by Pam Murphy
In wonderment, I charged happily into my dream, humming as I went, my pink frill a safe distance from the ground. Without warning, I slammed into the clashing, self-preserving, silently-driven music of unfamiliar marches toward dreams I couldn't see or touch for the vividness of my own. How inexplicably my unacknowledged self-righteousness turned to self-loathing and doubt. I stopped moving, released the pink frill to fall where it may, and felt the awkwardness that only comes with epiphany. I am not alone. I am no longer the sun, and in dawning recognition I watch the mass of suns stalking the earth, unaware, and I feel the helplessness, the pompousness, of my shallow comprehension.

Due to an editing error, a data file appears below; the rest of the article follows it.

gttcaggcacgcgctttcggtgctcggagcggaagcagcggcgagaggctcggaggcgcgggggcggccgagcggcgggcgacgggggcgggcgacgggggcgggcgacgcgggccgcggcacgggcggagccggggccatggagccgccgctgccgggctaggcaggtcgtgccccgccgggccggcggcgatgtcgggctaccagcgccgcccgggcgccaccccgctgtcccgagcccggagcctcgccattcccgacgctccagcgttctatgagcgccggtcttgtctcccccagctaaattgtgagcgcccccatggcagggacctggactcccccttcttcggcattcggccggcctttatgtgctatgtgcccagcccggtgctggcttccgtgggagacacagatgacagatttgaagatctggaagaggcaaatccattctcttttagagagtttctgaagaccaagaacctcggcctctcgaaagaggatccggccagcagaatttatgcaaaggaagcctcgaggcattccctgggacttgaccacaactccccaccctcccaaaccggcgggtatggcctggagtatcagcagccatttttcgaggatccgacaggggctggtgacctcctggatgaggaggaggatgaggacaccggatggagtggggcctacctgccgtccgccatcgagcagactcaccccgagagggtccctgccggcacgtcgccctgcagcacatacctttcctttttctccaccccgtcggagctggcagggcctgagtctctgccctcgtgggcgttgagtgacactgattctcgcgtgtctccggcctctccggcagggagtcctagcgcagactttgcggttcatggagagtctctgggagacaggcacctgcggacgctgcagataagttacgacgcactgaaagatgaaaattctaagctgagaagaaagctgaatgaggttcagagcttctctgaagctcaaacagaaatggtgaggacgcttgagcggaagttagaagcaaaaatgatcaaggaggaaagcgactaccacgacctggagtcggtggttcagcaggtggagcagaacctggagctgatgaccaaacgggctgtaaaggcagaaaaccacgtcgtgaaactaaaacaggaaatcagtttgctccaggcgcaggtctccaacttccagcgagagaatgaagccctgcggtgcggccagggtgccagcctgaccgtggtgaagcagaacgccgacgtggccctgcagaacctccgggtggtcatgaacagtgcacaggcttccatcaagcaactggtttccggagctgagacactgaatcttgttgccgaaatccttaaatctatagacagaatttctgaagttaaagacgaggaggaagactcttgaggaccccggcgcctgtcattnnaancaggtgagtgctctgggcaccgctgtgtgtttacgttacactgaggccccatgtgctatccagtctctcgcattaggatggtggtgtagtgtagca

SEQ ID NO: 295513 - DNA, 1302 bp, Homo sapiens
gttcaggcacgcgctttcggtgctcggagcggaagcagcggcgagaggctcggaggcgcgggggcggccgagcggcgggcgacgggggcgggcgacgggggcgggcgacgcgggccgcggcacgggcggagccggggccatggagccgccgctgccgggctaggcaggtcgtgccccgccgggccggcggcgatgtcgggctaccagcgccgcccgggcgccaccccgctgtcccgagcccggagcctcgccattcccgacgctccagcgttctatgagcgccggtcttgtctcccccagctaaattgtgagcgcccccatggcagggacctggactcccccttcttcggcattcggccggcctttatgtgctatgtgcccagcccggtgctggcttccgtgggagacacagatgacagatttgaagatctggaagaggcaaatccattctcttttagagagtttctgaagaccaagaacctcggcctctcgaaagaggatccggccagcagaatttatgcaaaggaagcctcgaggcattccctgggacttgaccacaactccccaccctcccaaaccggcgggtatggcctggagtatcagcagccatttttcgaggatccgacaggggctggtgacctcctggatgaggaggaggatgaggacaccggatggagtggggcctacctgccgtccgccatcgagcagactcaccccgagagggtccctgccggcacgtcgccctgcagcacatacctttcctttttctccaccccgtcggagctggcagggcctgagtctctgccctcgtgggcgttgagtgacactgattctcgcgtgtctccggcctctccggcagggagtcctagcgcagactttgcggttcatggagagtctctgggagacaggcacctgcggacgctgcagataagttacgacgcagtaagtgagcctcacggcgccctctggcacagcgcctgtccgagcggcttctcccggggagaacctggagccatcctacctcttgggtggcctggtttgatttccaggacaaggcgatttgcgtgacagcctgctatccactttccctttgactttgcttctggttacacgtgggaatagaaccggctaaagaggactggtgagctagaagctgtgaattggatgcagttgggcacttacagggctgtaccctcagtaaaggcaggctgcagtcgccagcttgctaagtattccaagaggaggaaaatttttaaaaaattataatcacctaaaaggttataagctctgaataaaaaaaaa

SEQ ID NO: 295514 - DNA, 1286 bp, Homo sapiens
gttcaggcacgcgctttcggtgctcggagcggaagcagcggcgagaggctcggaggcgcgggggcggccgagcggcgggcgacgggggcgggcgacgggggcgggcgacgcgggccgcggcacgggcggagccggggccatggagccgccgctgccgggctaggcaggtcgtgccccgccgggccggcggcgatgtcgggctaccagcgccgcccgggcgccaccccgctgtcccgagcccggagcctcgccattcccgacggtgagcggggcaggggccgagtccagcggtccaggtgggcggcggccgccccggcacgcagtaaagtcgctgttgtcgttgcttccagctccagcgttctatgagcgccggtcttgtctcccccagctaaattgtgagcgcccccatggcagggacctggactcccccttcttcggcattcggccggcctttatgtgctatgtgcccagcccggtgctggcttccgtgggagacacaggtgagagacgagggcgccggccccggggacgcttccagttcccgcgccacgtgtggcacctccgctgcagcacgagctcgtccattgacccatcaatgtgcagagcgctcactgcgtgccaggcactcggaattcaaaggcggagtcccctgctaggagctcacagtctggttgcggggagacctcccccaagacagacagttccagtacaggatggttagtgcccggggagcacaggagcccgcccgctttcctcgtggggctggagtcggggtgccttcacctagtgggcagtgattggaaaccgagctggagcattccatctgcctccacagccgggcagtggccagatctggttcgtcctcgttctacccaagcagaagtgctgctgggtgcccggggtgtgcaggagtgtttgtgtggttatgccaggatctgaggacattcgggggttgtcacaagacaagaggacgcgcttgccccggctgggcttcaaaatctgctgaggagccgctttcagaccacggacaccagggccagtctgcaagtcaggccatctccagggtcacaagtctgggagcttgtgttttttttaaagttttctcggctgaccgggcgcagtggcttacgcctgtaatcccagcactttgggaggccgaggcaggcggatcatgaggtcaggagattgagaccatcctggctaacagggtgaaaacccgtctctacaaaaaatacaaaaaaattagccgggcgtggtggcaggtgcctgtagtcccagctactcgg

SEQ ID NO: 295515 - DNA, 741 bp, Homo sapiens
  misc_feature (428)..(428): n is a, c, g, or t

Pam Murphy, mother of three teenagers, caregiver to four unrelated children, and recent college graduate, lives, loves, and works in Woodland, Alabama (a town most easily understood by placing a finger halfway between Atlanta and Birmingham on a map and squinting to read the fine print). She is currently researching MFA programs hoping to find a fit, working on her first novel, and looking for freelance work.